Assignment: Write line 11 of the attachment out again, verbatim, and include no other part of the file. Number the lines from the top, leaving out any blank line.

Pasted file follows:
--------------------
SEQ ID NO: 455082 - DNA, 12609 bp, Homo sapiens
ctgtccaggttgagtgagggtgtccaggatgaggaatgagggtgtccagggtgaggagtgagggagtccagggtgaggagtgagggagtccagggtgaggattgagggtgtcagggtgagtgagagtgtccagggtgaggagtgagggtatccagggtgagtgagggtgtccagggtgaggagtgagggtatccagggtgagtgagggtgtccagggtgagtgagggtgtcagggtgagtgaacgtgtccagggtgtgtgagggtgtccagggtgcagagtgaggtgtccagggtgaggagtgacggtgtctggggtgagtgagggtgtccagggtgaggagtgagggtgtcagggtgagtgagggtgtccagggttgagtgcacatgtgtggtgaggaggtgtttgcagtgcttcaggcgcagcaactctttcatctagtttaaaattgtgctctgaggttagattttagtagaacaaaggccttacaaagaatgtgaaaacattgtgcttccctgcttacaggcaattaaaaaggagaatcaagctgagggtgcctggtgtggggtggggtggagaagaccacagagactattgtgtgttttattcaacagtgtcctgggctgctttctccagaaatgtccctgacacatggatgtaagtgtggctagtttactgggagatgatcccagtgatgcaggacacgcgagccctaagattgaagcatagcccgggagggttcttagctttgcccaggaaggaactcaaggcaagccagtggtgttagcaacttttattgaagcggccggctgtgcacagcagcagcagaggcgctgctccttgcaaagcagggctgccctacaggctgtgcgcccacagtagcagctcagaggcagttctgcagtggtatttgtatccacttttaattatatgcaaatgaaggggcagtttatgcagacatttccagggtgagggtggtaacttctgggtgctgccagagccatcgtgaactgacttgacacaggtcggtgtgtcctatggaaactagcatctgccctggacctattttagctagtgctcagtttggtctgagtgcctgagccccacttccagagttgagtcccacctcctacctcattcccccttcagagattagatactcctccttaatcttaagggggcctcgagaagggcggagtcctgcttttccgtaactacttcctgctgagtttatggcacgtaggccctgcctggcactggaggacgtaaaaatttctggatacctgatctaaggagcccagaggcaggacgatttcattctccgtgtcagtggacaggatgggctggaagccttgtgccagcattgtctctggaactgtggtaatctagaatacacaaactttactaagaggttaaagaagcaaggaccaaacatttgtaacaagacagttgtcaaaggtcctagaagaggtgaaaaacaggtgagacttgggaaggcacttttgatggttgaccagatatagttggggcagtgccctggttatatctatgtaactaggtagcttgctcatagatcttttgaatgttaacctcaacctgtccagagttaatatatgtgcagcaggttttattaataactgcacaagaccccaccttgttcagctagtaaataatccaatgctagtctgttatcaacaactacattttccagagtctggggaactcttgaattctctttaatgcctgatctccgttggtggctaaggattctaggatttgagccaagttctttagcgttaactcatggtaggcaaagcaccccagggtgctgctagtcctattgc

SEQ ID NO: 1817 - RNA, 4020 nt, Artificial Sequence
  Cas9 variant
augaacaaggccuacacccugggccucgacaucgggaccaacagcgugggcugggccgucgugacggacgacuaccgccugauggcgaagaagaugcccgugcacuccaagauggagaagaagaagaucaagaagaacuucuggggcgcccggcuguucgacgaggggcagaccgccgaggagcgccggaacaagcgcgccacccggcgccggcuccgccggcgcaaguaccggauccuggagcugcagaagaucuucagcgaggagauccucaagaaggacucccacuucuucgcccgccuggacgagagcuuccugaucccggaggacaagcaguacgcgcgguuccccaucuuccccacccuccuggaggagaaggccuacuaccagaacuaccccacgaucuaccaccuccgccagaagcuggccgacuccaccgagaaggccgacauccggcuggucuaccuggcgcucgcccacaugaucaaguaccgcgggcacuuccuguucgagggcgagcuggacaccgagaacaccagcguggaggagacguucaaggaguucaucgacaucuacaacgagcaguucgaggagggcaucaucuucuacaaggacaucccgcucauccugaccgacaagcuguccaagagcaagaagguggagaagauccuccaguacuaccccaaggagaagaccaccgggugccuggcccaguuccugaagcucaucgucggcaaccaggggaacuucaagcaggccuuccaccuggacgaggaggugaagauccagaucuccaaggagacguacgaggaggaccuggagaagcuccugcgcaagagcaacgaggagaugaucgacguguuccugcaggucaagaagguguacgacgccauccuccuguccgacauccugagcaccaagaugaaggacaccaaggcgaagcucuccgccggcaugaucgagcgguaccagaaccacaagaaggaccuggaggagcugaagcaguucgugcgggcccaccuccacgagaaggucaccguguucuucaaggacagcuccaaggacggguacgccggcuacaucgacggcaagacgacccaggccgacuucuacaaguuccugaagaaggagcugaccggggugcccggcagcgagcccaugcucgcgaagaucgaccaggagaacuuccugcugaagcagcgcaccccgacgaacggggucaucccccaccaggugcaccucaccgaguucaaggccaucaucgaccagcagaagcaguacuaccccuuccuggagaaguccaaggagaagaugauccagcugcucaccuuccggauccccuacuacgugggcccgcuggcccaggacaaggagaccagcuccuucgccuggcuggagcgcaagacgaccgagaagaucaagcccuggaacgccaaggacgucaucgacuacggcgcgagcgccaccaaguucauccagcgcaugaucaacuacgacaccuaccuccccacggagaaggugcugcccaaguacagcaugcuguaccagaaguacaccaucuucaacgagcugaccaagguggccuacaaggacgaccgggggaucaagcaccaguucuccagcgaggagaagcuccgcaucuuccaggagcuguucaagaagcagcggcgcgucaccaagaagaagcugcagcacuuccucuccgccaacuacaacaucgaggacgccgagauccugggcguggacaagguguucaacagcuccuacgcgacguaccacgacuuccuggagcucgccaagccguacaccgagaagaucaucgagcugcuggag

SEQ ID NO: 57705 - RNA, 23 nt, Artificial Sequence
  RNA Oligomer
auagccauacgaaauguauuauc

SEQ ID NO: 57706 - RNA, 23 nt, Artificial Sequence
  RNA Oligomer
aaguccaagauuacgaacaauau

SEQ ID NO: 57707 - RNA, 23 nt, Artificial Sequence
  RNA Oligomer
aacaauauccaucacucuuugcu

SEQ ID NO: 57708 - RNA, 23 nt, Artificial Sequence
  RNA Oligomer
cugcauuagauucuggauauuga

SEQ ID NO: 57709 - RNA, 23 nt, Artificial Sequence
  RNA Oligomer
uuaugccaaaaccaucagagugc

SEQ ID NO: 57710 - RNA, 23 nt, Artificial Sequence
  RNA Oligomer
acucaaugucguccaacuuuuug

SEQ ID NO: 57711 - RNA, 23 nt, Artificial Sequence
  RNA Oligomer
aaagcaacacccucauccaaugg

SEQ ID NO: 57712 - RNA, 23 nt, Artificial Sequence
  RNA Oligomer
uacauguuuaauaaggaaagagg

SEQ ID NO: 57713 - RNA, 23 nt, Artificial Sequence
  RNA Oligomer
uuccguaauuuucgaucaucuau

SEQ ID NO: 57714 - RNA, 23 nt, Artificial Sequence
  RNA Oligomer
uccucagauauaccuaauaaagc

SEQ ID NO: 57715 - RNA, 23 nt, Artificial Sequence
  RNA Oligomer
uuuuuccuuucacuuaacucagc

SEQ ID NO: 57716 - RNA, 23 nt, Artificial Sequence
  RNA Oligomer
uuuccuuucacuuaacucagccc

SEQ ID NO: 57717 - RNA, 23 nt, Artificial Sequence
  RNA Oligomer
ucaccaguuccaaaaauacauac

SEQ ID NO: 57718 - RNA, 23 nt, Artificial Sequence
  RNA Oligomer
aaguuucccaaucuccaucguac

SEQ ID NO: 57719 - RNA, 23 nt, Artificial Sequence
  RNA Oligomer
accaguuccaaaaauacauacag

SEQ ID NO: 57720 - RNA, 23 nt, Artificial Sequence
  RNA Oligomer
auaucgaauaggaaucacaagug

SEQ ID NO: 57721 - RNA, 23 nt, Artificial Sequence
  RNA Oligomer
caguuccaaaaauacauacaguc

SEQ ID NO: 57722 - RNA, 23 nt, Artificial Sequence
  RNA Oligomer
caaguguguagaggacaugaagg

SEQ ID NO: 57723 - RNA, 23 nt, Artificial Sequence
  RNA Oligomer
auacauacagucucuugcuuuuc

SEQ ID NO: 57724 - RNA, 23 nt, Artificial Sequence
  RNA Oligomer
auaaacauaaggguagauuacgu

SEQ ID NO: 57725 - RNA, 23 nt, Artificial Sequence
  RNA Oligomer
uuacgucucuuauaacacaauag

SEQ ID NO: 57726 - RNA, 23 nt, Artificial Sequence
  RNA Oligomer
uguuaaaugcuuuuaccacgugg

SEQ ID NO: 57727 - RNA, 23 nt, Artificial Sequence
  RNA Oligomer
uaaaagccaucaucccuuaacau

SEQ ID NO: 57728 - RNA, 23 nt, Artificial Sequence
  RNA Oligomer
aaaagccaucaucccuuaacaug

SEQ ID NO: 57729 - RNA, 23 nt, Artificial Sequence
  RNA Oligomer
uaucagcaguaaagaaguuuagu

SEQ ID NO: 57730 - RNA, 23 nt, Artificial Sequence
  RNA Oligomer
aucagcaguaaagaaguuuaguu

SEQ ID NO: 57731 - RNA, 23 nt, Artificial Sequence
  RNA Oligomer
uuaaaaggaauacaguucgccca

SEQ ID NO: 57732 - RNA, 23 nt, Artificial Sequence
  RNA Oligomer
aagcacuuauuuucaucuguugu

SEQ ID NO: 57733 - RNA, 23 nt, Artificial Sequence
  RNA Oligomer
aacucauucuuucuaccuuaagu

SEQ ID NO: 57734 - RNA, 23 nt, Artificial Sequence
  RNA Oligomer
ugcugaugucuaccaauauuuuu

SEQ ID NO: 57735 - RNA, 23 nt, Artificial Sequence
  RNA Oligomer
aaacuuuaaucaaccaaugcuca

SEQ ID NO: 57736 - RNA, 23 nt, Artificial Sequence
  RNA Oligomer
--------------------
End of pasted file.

aaguccaagauuacgaacaauau